Booost comes in a silver canister (different sizes are available) with a push-to-spray button (like deodorant), if your only experience of ingesting pure oxygen is out of balloon in a fetid street in Malia, then this will be quite a shock. To dispense the product, simply place in the mouth and spray while inhaling sharply, repeat 2-4 times to get an adequate dose.

So what  are the benefits of spending your hard earned dollar on something that’s infinitely abundant and free, and makes you look like you’ve nicked the BFGs asthma inhaler?

Well, for a start, it makes your workouts much more efficient. How long do you spend recovering after a gruelling set of squats or deadlifts, not from a muscular fatigue point of view, but in terms of oxygen debt? If you’re anything like me, probably a good couple of minutes. I trialed Booost during my last leg workout and it drastically cut down my rest periods.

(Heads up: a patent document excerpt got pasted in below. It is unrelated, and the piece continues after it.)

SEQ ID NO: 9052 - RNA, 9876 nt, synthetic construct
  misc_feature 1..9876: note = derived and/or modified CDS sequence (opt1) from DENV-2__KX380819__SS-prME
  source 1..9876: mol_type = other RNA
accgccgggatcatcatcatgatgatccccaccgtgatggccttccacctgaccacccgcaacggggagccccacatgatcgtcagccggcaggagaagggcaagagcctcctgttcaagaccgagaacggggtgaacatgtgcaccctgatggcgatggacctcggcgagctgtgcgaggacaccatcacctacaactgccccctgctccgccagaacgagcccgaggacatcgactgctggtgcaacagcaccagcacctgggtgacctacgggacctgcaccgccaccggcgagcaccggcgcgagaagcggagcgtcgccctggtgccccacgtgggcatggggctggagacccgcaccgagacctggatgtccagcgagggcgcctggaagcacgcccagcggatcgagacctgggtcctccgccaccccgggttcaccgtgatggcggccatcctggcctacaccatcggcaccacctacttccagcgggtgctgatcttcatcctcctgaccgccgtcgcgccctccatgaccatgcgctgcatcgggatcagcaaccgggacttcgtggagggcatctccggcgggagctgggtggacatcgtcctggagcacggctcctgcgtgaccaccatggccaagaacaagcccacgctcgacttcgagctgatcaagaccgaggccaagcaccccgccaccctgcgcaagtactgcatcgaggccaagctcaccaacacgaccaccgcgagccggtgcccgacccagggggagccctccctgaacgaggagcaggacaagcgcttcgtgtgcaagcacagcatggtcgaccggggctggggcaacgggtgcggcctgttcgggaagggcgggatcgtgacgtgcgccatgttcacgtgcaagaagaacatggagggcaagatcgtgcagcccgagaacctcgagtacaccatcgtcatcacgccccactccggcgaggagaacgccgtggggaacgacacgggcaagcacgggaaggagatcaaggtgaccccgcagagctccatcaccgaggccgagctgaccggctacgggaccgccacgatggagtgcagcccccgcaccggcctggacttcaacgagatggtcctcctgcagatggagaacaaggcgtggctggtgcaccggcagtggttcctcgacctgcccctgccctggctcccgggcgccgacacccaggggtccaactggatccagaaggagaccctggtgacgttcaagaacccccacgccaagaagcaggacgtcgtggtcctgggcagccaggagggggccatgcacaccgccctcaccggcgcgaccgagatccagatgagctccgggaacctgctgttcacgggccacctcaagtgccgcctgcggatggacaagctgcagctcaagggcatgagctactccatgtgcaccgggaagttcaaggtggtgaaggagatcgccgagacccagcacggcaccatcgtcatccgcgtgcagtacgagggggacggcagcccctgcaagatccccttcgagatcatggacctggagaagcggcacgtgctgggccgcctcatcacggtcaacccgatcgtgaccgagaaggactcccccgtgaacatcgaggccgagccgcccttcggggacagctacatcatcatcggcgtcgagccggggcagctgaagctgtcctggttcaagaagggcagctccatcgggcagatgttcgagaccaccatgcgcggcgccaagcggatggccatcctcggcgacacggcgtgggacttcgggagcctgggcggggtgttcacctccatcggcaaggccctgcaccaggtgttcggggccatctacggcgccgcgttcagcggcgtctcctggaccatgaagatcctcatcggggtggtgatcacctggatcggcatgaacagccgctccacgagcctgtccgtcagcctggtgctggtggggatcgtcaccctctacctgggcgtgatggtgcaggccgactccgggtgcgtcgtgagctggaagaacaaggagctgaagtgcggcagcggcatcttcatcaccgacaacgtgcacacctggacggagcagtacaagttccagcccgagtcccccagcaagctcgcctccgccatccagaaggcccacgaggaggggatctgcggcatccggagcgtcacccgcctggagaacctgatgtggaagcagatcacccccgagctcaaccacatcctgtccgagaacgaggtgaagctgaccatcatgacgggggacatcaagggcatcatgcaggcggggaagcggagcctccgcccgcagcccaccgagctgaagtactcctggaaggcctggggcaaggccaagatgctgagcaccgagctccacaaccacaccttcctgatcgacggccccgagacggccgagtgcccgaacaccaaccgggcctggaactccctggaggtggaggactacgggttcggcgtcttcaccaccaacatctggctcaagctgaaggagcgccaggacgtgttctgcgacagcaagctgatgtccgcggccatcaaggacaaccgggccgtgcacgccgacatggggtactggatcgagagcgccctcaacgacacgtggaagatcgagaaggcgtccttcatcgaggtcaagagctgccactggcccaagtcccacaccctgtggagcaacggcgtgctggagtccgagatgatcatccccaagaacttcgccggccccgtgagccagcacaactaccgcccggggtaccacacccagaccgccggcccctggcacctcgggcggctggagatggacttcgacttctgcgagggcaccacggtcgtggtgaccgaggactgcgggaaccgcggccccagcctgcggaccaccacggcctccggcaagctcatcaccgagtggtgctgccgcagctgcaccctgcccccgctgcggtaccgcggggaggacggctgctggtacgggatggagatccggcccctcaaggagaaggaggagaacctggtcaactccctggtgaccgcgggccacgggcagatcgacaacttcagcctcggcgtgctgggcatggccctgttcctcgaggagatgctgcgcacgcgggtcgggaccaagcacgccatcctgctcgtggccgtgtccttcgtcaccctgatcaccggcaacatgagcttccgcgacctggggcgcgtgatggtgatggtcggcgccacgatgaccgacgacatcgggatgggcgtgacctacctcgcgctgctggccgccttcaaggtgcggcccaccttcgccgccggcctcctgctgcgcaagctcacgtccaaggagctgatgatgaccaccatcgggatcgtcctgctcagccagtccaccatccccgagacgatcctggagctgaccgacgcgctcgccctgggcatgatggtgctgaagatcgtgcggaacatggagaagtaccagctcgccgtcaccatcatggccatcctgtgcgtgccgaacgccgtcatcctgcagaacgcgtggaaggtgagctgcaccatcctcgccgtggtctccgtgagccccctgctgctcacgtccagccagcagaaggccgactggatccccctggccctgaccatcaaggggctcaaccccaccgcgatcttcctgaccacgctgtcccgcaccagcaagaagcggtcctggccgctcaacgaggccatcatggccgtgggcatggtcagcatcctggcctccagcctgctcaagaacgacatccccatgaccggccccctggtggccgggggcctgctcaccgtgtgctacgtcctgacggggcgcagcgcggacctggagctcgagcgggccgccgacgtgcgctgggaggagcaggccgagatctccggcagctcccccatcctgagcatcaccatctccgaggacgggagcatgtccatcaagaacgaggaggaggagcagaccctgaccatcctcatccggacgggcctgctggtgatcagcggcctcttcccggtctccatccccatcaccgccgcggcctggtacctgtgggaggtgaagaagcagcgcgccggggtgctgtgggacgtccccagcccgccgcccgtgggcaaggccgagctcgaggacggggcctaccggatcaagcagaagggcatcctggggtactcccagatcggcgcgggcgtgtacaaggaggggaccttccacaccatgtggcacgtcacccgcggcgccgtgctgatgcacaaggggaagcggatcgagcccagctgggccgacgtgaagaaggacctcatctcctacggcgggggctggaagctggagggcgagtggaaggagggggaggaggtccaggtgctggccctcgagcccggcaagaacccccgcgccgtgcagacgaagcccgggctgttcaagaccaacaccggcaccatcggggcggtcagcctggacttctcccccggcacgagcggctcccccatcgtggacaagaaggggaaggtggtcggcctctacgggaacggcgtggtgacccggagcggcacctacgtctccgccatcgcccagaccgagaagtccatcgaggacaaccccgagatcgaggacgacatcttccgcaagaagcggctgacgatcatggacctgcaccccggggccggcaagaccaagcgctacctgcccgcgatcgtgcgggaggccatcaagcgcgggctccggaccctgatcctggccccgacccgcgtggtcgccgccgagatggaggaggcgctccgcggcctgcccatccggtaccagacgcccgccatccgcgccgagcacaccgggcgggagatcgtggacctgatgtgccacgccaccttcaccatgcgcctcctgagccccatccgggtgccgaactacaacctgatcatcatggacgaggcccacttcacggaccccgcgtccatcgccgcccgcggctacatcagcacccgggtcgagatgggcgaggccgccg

Because of this, I was able to pack more lifting into a shorter time period and despite doing slightly less volume than usual, I’ve had pretty severe Hamstring DOMS for several days after. Ok this isn’t the best barometer of a successful workout but it’ll do for this very unscientific test.

 

Booost #gttw

 

So how does using Booost actually feel? Well, you know when you’re gasping for breath  after being crushed by a loaded barbell for nigh on one minute? (if you don’t you probably need to take a long hard look at your training programme), using Booost right after greatly reduces the the time you’re in Oxygen debt, or in laymens terms ‘helps you get your breath back quicker’. It also has a minty fresh taste.